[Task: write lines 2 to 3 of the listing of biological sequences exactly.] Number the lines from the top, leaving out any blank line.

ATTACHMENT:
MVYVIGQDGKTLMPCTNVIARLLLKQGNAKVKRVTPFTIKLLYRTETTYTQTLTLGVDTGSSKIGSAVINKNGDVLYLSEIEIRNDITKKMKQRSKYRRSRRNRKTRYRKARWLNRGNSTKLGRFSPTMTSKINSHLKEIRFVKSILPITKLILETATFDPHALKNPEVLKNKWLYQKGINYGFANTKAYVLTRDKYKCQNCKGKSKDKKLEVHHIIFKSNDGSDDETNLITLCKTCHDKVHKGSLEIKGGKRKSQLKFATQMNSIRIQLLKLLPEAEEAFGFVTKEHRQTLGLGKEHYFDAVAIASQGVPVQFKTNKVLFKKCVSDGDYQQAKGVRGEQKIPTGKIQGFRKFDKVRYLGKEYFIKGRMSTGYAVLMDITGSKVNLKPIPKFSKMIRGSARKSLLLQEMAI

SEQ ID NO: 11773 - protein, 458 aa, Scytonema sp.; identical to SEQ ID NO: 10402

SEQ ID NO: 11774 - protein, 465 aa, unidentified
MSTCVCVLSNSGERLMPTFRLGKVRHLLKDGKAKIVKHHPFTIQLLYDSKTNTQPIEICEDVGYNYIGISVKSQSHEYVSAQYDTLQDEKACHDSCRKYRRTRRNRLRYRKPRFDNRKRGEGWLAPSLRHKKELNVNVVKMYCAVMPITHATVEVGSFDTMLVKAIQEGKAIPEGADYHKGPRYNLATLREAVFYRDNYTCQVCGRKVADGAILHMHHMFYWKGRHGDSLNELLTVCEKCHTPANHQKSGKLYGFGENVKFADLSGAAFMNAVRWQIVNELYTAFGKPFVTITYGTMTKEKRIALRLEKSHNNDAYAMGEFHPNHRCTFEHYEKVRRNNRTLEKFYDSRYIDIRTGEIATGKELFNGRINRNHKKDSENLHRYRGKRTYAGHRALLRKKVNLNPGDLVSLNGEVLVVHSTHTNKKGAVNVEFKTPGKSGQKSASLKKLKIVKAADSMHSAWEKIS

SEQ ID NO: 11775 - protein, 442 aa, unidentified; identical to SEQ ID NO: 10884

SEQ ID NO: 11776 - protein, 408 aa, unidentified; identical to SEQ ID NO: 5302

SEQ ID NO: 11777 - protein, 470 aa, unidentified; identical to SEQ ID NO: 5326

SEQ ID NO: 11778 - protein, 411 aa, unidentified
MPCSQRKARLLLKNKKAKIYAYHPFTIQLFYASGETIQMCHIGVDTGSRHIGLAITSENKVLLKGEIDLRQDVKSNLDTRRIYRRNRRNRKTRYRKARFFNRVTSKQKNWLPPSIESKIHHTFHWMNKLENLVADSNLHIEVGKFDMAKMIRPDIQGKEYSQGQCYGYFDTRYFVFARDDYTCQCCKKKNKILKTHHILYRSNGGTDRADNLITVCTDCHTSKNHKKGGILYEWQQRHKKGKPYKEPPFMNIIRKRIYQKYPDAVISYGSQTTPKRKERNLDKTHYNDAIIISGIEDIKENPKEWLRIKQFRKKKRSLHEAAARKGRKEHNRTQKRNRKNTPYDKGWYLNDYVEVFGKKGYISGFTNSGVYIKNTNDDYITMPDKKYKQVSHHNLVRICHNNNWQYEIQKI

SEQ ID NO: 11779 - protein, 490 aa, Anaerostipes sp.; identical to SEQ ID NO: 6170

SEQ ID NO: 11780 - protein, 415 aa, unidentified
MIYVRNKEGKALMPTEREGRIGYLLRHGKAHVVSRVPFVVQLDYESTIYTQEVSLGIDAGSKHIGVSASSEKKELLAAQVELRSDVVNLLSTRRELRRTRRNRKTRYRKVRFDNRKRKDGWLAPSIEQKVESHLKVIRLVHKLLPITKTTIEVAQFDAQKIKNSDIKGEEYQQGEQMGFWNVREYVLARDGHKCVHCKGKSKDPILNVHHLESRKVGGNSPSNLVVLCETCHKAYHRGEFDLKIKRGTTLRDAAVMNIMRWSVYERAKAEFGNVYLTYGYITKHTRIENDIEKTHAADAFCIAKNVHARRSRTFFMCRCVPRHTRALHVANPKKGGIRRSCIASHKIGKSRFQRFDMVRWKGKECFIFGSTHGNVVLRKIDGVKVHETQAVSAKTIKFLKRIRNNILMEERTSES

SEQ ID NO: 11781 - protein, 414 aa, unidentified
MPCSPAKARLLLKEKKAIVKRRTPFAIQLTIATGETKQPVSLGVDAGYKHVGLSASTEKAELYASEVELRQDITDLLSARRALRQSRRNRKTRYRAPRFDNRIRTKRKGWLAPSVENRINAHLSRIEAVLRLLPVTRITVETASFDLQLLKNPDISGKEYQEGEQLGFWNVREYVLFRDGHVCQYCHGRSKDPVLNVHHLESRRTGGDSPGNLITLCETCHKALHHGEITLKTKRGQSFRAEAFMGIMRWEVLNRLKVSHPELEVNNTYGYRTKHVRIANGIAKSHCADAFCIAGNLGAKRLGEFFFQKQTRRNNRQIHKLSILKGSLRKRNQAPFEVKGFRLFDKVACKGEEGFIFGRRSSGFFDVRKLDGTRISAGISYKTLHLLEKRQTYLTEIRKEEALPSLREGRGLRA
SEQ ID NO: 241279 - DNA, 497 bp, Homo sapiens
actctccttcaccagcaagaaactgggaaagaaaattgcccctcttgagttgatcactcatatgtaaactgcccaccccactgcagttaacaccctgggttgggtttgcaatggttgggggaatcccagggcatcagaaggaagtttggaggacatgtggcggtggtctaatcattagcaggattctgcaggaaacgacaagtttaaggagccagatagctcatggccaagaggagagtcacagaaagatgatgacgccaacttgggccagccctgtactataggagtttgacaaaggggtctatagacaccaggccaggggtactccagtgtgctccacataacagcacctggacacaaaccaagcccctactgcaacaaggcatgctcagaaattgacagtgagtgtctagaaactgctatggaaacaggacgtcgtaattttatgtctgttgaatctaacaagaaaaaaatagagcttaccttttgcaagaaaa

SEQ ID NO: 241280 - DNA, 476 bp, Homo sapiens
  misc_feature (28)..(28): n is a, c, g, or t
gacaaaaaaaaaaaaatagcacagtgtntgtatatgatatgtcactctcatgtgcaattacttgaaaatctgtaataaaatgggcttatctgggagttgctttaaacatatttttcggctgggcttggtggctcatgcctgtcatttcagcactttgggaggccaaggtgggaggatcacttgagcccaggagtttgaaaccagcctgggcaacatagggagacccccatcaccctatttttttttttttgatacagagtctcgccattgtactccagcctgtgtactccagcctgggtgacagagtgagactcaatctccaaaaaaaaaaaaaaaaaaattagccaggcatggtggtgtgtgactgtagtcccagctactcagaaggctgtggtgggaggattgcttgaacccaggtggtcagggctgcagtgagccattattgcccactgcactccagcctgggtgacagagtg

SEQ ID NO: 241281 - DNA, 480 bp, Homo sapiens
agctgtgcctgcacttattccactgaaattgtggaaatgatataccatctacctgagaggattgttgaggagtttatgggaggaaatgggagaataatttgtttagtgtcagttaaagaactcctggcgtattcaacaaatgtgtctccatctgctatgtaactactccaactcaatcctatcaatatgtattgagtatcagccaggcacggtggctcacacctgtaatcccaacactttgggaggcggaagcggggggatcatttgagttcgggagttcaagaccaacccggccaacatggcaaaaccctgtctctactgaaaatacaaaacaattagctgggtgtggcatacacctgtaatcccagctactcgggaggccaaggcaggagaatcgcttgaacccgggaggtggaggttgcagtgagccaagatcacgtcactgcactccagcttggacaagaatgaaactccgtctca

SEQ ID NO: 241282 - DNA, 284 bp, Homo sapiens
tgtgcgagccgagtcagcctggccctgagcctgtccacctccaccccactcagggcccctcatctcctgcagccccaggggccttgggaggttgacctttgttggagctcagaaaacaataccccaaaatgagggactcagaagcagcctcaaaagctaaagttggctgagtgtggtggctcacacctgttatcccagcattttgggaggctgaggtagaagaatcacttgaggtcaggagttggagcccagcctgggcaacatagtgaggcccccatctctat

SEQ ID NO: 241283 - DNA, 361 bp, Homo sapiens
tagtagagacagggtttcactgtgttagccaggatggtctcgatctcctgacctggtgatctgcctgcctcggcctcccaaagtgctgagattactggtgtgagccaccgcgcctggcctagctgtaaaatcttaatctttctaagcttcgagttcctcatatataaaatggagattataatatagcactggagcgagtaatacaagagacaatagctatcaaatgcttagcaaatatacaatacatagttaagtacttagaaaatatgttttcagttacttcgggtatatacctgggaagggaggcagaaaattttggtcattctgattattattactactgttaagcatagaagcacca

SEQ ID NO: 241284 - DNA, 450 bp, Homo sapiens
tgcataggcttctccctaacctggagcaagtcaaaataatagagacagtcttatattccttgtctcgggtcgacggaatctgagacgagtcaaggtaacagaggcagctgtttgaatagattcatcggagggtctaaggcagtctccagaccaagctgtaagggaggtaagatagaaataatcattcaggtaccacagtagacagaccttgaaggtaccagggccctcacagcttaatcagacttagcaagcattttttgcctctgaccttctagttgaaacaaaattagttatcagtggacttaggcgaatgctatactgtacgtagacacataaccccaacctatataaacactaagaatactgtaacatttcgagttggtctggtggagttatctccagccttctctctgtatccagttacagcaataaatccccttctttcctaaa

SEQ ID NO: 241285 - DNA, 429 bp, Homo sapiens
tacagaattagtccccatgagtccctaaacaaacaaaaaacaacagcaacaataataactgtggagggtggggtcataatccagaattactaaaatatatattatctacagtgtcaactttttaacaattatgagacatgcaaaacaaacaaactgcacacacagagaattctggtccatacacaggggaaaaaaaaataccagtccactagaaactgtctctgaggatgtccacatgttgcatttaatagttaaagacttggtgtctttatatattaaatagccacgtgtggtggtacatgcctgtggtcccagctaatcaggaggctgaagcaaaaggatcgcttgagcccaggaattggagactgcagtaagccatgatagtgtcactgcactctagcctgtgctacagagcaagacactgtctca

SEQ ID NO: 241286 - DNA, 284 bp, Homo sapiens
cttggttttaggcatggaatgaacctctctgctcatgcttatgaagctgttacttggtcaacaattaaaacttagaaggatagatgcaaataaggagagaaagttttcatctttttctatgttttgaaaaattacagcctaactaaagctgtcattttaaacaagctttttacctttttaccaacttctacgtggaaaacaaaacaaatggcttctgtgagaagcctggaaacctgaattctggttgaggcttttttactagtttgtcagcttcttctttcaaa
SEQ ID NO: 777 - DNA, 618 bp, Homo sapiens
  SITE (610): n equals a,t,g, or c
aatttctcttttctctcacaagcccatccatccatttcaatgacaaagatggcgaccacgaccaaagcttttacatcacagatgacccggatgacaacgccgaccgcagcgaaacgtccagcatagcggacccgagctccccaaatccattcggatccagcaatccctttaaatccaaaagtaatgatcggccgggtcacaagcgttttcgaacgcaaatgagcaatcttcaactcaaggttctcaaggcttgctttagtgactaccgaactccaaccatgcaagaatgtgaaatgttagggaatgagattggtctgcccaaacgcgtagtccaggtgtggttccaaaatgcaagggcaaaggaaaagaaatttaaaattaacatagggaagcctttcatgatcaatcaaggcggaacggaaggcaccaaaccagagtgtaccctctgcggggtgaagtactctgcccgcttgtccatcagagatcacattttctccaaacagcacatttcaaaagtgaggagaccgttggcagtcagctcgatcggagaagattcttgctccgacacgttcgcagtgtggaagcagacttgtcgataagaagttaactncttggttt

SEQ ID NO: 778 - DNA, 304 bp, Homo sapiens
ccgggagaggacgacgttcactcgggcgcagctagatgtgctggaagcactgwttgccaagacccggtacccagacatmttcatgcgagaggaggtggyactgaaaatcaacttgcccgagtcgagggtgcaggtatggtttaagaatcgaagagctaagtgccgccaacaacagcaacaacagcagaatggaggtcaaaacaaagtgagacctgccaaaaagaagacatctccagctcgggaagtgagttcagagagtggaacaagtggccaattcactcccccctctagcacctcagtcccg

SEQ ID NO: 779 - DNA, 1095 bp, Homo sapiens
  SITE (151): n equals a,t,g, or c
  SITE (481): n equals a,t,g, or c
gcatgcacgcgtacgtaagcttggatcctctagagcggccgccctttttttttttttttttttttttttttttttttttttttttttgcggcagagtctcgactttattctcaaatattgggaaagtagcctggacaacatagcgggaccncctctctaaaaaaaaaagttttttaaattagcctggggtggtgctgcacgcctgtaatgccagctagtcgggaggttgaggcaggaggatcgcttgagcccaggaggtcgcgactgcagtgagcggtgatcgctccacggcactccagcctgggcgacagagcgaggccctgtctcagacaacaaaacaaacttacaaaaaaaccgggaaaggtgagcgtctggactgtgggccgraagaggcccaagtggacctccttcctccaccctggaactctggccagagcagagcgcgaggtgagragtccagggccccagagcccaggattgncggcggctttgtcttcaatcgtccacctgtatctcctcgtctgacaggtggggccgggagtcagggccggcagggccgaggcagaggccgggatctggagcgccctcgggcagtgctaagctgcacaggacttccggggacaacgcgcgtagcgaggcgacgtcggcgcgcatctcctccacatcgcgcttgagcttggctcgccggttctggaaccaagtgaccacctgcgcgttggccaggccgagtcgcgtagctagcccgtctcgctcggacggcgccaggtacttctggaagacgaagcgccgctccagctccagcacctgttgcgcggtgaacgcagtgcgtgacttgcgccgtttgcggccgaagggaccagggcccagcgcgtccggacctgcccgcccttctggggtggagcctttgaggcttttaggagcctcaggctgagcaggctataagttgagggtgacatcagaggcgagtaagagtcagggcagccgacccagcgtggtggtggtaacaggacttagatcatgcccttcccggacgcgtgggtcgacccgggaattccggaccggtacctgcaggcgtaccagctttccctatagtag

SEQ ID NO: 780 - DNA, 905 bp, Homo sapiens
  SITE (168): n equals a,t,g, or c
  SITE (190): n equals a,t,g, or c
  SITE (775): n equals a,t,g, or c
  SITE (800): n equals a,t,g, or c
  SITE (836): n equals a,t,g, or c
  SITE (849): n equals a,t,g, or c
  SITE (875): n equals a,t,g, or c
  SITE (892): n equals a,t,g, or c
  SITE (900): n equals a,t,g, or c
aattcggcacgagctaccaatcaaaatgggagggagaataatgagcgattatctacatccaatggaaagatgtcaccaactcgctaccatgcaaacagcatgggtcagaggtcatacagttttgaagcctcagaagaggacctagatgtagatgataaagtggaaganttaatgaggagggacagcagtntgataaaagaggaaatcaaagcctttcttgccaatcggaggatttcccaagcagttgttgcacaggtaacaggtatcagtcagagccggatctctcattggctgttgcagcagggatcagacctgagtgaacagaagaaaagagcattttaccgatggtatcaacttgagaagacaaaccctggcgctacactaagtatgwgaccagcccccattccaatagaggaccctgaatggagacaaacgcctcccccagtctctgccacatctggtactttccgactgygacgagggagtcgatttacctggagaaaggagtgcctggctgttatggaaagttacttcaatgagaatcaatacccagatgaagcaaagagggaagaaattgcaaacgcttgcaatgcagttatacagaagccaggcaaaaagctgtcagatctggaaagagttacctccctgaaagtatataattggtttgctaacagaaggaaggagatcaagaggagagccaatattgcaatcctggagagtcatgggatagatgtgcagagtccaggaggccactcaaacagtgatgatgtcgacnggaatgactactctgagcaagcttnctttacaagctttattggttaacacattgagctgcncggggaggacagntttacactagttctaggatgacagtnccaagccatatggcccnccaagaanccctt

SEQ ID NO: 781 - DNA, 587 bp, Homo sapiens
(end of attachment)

SEQ ID NO: 11773 - protein, 458 aa, Scytonema sp.; identical to SEQ ID NO: 10402

SEQ ID NO: 11774 - protein, 465 aa, unidentified